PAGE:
Wednesday, March 16, 2011

My Big Fat Social Network

I brought a Winklevoss twin to the Monday night meeting of the Storyboard script development group. Storyboard is a gaggle of writers and would-be writers, all with film industry connections, who gather each month to critique scripts that are actually (for some reason or another) being made into movies. I was this month’s guest moderator. Usually it falls to me to talk about a dumb comedy like Welcome to Mooseport or the hapless Sandra Bullock vehicle All About Steve.

This time, however, my luck was substantially better. I got to lead the discussion of this year’s Oscar winner for adapted screenplay, The Social Network. The room was full of people well above the age of Mark Zuckerberg, but virtually all of them have Facebook accounts. So much for the original goals of the Facebook founders! Their aim, as the movie tells us, was to be cool—and also to be exclusive. At first, no one without an Ivy League pedigree need apply. But somehow Facebook quickly became democratized. Today Harvard, tomorrow the world!

The Social Network is also worth comparing to this year’s best picture winner, The King’s Speech. The two films couldn’t be more different, yet both deal with one up-to-the-minute topic: the revolution in mass communications that marks the modern era. In The King’s Speech, that revolution involved the power of radio, and its transformative effect on the British monarchy at a time of national crisis. The Social Network, at the other end of the continuum, deals with a radical shift in private communications that have become (in many ways) all too public.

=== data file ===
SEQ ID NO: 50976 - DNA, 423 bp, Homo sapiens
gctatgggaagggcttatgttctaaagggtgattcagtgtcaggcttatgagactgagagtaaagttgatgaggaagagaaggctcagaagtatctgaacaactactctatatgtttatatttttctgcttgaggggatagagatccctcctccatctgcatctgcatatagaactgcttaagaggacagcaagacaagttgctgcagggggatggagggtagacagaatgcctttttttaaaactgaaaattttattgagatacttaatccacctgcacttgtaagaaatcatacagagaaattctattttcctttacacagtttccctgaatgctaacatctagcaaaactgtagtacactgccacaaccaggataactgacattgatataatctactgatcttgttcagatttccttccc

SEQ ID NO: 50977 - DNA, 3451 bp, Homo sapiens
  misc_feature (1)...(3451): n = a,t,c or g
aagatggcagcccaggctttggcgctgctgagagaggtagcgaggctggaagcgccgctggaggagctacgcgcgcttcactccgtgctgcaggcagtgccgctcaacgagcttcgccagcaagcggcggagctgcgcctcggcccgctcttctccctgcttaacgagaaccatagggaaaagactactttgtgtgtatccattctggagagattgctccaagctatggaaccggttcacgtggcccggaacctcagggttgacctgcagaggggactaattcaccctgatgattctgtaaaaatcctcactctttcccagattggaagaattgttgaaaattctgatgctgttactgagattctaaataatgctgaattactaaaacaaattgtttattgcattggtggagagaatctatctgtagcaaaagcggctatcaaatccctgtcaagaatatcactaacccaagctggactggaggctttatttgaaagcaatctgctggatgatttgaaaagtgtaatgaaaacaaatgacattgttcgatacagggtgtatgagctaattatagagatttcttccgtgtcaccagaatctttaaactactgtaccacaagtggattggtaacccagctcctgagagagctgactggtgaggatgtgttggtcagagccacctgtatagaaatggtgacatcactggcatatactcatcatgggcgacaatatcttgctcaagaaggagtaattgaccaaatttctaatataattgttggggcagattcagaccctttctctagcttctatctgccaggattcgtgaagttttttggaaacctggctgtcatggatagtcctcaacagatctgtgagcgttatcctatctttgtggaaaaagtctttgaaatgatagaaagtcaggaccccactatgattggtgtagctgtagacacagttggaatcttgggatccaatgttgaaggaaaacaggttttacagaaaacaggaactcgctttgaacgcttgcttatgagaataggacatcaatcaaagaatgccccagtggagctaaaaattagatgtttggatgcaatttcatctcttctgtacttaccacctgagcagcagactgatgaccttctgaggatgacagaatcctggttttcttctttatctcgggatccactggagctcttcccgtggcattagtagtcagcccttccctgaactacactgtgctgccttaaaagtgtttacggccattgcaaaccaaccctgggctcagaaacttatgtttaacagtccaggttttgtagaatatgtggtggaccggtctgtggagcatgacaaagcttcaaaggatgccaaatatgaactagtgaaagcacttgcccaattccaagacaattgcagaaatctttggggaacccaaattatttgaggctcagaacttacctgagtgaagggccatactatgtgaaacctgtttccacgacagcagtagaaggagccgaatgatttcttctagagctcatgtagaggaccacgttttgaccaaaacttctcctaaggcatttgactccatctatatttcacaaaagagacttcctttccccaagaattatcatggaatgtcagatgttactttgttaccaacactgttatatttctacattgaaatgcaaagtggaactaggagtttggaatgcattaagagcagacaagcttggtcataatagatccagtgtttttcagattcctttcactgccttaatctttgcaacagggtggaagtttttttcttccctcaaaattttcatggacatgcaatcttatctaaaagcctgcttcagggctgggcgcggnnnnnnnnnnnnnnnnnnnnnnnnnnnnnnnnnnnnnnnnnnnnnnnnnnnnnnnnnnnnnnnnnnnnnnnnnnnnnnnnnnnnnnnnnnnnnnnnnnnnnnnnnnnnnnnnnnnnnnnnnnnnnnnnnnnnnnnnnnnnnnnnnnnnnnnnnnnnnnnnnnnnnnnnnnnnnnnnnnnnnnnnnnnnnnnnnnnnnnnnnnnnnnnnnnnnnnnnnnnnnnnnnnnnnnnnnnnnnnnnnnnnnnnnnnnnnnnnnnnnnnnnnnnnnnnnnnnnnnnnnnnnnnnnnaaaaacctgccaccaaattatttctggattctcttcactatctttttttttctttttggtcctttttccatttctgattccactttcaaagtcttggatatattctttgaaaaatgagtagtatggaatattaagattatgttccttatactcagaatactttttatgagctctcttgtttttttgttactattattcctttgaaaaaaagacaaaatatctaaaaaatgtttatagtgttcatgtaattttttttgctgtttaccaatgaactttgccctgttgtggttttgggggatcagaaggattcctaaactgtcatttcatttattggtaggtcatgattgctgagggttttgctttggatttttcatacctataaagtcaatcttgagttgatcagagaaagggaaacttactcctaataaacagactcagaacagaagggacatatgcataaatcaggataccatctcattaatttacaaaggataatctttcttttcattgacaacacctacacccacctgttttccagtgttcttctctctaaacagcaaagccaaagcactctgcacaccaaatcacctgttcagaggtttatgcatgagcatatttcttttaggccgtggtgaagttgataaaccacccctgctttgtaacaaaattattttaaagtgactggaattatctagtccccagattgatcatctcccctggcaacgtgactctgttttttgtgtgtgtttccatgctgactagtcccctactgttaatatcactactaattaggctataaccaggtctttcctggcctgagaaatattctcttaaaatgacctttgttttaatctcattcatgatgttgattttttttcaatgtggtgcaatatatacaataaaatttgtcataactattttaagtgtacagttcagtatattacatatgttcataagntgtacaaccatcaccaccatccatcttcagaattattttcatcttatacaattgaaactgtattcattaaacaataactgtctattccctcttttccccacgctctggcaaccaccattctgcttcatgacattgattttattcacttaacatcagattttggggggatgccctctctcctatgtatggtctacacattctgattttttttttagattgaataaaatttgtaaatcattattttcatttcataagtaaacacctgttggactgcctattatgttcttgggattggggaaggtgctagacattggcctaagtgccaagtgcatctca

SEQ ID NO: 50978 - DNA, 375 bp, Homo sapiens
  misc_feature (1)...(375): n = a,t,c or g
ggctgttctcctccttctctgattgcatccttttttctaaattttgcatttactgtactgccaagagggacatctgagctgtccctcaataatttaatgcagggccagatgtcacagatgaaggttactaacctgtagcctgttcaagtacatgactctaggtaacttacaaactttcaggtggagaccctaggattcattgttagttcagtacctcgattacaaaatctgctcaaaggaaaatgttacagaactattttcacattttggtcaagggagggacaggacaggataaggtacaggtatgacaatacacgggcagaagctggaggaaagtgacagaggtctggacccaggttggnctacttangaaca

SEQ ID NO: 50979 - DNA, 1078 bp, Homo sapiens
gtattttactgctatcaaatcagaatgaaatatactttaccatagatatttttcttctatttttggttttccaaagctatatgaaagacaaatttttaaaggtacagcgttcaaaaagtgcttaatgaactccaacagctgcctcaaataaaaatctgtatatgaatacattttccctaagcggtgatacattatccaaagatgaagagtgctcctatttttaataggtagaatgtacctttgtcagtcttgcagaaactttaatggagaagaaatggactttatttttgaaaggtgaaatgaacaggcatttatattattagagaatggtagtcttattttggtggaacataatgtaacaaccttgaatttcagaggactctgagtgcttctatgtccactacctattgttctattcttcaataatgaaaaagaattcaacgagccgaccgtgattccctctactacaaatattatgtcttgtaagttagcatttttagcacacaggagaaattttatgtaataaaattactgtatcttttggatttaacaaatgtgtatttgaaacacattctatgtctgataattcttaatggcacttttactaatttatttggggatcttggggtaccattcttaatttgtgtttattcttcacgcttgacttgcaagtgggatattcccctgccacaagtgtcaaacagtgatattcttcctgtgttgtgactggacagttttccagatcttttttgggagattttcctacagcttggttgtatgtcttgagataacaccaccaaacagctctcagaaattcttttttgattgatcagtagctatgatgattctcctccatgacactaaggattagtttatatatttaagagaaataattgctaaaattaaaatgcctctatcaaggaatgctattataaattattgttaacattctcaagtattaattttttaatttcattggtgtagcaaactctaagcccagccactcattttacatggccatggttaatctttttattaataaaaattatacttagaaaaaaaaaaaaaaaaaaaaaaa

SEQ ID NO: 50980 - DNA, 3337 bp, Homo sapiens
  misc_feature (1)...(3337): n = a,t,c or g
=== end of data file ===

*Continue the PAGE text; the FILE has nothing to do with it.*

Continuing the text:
Adding a grace note to my talk was the presence of Josh Pence, a true golden boy who in real life rowed for Dartmouth. Josh played Tyler Winklevoss, but had the bad fortune to have his face replaced (as a sign of David Fincher’s technological derring-do) by the equally golden Armie Hammer, so they could appear on-camera as hunky identical twins. The behind-the-scenes documentary on the Social Network DVD explains the amazing process behind Josh’s loss of face. I’ve known Josh since he was five. Now he towers above me (not hard to do), and deftly charmed the Baby Boomers at Storyboard by discussing what it’s like to be a young working actor who’s featured but faceless in a hit Facebook movie.


  1. That's an amazing story - I didn't realize there were digital identical twins in the movie - as I've still not seen The Social Network - but it is coming up in my To Watch list. I'm glad your friend had the opportunity - even if it did come with the loss of face.

  2. It certainly didn't hurt his career any. For 2012 he has six films in the can, including The Dark Knight Rises.